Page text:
Flashcards in Cost vs Equity Method Deck (29):
What is the Cost Method?
Method of accounting for an investment in nonmarketable equity securities when the investor has no significant influence over the investee (typically ownership < 20%).
What is the Equity Method?
Method of accounting for investment in nonmarketable equity securities when the investor has "significant influence," but not outright control over the investee (typically ownership btw. 20-50%).
What are Consolidations?
Preparation of financial statements for two or more entities as if they were a single entity, applied when one entity has a controlling financial interest in another, typically when ownership exceeds 50%
Under the Cost Method, as the investee earns money, do any of the investor's accounts get affected?
They are unaffected. NO journal entry is recorded
Under the Cost Method, how are MOST dividends treated?
As Dividend Income on the income statement. **Not a reduction of the Investment!!
Under the Cost Method, if the investee declares dividends which exceed the cumulative income it has earned since the date of the investment, how are these excess dividends treated?
As a "return of capital" (or liquidating dividend) to the investor; thus, a reduction of the Investor's Investment (similar to Equity Method dividends for return of capital portion)
If no significant influence exists and the Investment has a market value, what method of accounting for the Investment is used?
Trick question! There are three methods based on the Investment's appropriate circumstance: Trading, Available-for-Sale, or Held-to-Maturity
Under the Equity Method, is the excess of the cost of the Investment's assets over their book value reported separately on the financial statement?
No. It is included with the Investment
Under the Equity Method, what happens each year to any Fair Market Value excesses attributable to depreciable or amortizable assets? What accounts are affected?
Any Fair Market Value excesses will be amortized based on their appropriate useful lives of the asset. The Equity in Earnings and Investment accounts will be reduced accordingly:
Dr. Equity in Earnings
Under the Equity Method, is it is possible to have an excess of payment for an Investment beyond Fair Market Value of the Investment's assets? How is it treated?
Yes! It is known as goodwill, which cannot be depreciated or amortized...it can only be reduced via impairment.
Under the Equity Method, what happens when there is a recognized impairment of goodwill?
The Investment will be written down accordingly:
Dr. Equity in Earnings
Under the Equity Method, how are investee earnings treated? Which investor accounts are affected?
The investor records the proportionate share of investee earnings that it owns by debiting the Investment account and crediting the Equity in Earnings (revenue) account.
Under the Equity Method, how are dividends treated?
As a reduction of the Investor's Investment (by its proportionate ownership of the total amount of dividends paid). **Does not show up on the Income Statement!!!
Under the Equity Method, how are Fair Market Value exesses attributable to Inventory treated?
They are effectively written off once sold (usually within the year):
Dr. Equity in Earnings
Under the Equity Method, how are Fair Market Value exesses attributable to Land treated?
They remain until the land is sold as land is not depreciable/amortizable.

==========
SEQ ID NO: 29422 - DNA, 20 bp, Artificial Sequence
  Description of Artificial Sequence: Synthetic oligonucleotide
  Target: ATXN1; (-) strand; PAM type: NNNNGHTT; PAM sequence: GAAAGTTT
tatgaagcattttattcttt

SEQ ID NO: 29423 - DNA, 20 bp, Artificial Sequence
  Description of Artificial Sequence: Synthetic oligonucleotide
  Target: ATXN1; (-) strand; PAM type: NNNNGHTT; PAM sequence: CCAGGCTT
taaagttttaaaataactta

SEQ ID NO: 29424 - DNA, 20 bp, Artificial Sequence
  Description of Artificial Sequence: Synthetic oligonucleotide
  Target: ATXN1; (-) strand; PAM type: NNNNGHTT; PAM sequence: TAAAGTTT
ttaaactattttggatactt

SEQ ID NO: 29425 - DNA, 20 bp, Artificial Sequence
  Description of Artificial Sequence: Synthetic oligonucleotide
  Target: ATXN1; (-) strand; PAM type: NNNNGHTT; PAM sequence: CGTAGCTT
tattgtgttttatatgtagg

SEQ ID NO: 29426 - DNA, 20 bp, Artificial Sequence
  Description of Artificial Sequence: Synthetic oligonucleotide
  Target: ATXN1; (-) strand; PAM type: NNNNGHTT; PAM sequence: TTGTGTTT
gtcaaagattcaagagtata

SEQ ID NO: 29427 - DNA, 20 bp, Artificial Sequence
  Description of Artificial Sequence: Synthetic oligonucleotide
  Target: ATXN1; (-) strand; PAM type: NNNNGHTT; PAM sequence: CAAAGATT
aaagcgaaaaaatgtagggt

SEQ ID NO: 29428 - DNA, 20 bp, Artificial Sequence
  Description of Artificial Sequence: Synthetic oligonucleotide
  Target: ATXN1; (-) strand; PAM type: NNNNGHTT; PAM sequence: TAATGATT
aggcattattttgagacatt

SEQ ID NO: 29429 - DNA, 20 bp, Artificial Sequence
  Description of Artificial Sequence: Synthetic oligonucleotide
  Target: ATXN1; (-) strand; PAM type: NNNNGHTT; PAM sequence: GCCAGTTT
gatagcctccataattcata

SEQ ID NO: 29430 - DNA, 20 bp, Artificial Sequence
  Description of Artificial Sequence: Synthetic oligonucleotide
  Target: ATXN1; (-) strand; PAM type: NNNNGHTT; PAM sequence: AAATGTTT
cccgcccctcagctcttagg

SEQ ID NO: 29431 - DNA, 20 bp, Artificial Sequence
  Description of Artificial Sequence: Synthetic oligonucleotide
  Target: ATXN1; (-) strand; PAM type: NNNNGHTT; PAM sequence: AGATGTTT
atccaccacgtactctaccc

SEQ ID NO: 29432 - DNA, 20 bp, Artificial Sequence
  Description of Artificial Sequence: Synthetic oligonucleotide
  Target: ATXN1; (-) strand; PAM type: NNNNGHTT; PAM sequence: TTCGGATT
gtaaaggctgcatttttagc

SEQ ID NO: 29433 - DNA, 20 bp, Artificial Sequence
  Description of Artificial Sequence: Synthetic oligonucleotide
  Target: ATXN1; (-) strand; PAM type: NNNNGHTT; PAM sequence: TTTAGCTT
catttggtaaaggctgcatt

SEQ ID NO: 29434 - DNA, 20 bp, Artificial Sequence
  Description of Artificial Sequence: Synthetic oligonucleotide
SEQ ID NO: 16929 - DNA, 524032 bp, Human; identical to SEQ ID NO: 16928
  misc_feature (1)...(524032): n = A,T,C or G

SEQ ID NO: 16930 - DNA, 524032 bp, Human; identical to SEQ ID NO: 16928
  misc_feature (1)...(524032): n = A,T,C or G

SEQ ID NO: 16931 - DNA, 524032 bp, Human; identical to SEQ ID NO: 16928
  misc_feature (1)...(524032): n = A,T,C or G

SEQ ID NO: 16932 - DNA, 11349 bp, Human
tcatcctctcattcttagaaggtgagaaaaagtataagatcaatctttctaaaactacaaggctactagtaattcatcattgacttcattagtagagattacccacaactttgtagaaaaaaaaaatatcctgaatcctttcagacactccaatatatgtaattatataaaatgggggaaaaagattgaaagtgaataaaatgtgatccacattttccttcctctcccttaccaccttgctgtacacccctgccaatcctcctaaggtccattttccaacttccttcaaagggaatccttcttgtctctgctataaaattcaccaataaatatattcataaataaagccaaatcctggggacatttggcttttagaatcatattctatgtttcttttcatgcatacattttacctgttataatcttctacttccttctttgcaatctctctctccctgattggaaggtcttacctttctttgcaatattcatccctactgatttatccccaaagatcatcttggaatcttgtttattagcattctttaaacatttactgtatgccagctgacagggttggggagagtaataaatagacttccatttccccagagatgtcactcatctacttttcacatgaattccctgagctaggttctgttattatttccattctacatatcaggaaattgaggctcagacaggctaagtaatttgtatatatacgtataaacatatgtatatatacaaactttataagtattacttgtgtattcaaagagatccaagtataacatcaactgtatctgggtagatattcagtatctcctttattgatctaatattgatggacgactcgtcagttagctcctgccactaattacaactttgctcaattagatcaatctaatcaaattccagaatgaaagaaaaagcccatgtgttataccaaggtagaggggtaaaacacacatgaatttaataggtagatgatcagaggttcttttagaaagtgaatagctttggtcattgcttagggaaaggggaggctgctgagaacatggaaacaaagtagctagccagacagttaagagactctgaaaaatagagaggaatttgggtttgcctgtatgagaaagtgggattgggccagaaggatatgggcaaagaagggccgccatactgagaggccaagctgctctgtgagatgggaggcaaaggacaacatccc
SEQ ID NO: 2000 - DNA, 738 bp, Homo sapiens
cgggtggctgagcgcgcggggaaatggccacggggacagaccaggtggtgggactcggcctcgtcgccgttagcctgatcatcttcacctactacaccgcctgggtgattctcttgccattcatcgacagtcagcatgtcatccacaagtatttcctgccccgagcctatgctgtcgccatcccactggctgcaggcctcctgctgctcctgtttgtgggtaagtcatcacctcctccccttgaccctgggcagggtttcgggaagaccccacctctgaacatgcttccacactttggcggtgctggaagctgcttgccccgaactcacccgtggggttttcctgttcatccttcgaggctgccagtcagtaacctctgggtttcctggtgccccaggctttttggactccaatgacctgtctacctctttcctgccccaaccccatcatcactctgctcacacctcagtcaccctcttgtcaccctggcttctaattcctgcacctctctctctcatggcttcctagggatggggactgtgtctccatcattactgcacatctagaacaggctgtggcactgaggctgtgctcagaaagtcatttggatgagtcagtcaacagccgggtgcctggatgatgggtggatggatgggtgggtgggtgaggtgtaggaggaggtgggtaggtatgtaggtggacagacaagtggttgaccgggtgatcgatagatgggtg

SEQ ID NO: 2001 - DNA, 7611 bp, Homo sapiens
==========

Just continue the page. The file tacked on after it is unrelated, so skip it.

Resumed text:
If another investor has control (>50%), what method of accounting for the investment will the other investors use?
Cost method as significant influence is not possible when someone else has control
When the Percentage of ownership decreases, prompting a move from the equity method to the cost method, is a prior period adjustment/retrospective treatment required?
No. Only prospective treatment is required.
When the Percentage of ownership increases, prompting a move from the cost method to the equity method, what type of treatment is applicable?
Retrospective treatment. Apply equity method applicable to % ownership in the prior period, to adjust reported net income.
When the Percentage of ownership increases, prompting a move from the cost method to the equity method, is there any fair value excess or goodwill derived in the prior period?
No. Only worry about Fair Market Value and Goodwill prospectively.
What is meant by "Applied Prospectively"?
Applied in the current and future periods requiring no adjustment to prior periods (Ex: Change in estimate)
What is meant by "Applied Retrospectively"?
Applied to prior periods requiring adjustment to reflect how financial statements would have appeared if the method had been used originally (Ex: Change in accounting principle)
Can ownership in preferred stock give an investor significant influence?
No, but the investor may have influence due to other causes, and as such may use the Equity Method for the preferred stock investment.
How is Term Life Insurance treated?
As an on-going services expense over the negotiated contract term.
How is Whole Life Insurance treated?
Part of the cash being paid for the insurance goes to a "cash surrender value" (investment-type account) in addition to the usual service expense
If the Fair Value Election is made for an Investment, is it revocable?
No. It is irrevocable.
If the Fair Value Election is made for an Investment, the eligible item is measured on what date?
Each balance sheet date
If the Fair Value Election is made for an Investment, unrealized gains or losses are recognized as a component of what?
Income (as opposed to OCI for Available-For-Sale)
If the Fair Value Election is made for an Equity Method Investment, how are dividends treated?
Same as Equity Method. It still reduces the Investor's Investment (by its proportionate ownership of the total amount of dividends paid). **Remember: Dividends under the equity method do affect the Income Statement!!!